Fairfield Nursing Students Make a Difference During Service Trip to Nicaragua

Fairfield Nursing Students Make a Difference During Service Trip to Nicaragua

A passionate group of Fairfield University nursing students traveled to Nicaragua over spring break to immerse themselves in a new healthcare environment.

“I loved my time in Nicaragua. It was a very unique experience getting to see the clinics in small communities outside of the capital, Managua. As a nursing student at Fairfield University, we are privileged to complete our clinical experiences at some very well-known hospitals with so many resources; but to step inside a clinic in Nicaragua is so different and truly humbling,” said nursing major Olivia Foye ‘18. “The work we were able to complete was beyond rewarding. This experience has truly opened my eyes to public health at a global level.”

This program was initiated in 2009 in collaboration with the Center for Faith and Public Life, for nursing students to collaborate with the Universidad Centroamericana (UCA) and community partners to develop and implement sustainable, evidence-based interventions to address health concerns. Fairfield University’s community partners include two neighborhoods in Managua: Ayapal and Nueva Vida, in addition to the Santa Maura coffee farm in northcentral Nicaragua, near the town of Jinotega. The partnership is unique in the sense that Fairfield students are exposed to working with social work students and also students learning to teach English as a second language. This year, project participants worked in two urban communities, Ayapal and Nueva Vida.

Nicaragua has one of the highest rates of cervical cancer deaths. To address this issue, students completed house-to-house interviews with over 100 men and women in Ayapal, where they asked about their knowledge of pap smear tests and cervical cancer. After evaluating the learning needs of the community, program participants developed a handout to educate the community on the importance of pap smear screening to detect cervical cancer in its early stages and to promote better outcomes.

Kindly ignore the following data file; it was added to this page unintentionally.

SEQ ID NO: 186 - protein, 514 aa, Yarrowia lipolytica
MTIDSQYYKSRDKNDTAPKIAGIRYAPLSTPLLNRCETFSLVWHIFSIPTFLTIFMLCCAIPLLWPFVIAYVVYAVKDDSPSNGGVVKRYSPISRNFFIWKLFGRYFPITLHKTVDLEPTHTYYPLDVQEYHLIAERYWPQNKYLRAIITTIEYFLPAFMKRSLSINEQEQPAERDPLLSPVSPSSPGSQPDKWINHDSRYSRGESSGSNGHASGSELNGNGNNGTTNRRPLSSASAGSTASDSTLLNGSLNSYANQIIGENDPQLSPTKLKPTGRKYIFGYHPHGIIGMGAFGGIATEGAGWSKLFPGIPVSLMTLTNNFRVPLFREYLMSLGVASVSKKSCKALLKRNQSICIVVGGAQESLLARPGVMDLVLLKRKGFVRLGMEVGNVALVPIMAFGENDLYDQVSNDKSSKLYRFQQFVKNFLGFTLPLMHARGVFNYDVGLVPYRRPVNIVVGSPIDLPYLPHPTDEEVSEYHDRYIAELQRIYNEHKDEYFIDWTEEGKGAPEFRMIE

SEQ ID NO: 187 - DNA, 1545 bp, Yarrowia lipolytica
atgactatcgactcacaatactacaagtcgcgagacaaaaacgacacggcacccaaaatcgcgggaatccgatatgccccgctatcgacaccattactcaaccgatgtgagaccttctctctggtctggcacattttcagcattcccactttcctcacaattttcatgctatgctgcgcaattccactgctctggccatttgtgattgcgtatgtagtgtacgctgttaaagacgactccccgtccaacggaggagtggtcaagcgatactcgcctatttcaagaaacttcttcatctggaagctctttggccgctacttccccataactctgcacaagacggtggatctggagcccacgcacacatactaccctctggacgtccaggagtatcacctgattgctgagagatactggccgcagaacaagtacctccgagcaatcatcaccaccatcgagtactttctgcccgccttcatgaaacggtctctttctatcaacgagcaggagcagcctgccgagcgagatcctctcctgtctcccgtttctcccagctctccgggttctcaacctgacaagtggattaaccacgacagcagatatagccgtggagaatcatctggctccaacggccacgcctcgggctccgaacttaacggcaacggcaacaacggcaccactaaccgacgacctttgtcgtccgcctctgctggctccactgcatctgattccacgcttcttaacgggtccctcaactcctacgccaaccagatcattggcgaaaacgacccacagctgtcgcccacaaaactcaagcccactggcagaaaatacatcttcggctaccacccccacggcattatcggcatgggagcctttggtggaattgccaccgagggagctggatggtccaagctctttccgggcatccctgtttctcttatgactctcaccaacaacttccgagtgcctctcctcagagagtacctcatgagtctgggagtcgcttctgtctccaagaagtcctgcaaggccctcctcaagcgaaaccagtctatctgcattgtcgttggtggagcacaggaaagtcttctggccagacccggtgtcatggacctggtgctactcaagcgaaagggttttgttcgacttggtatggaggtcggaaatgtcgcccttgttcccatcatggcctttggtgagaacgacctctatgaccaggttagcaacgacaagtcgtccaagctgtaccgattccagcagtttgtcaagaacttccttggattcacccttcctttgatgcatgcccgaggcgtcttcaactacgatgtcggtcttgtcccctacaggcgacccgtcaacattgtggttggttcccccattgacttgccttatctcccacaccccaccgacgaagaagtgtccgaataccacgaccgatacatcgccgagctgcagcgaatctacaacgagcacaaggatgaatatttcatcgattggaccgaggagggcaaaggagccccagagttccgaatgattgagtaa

Nicaragua also has a high rate of childhood obesity. To combat this issue, students visited Nueva Vida to complete a third year of tracking growth data for a primary school. Program participants measured weights and heights of 230 students in a Nicaragua school. In addition to collecting this data they developed educational activities addressing healthy food choices, exercise habits, water safety, and bullying.

“This trip allowed me to truly see the varying degrees to which social determinants can affect access to healthcare and quality of life,” said nursing major Zerin Sattar ‘18. “I'm so blessed to have the opportunity to give back to another community, and even more so for gaining so many new friendships on this trip. I definitely left a piece of my heart in Nicaragua and I do wish to visit again one day, hopefully on an alumni trip.”

10 Fairfield University nursing majors and two RN and BSN students participated in the program, which is open to nursing undergrads enrolled in the "Community, Public, and Global Health" nursing course, any undergrad nursing student in a four-year program in the U.S. enrolled in an independent study at Fairfield, and graduate nursing students enrolled as MSN or DNP students at Fairfield.

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Last modified: 03-28-18 02:13 PM

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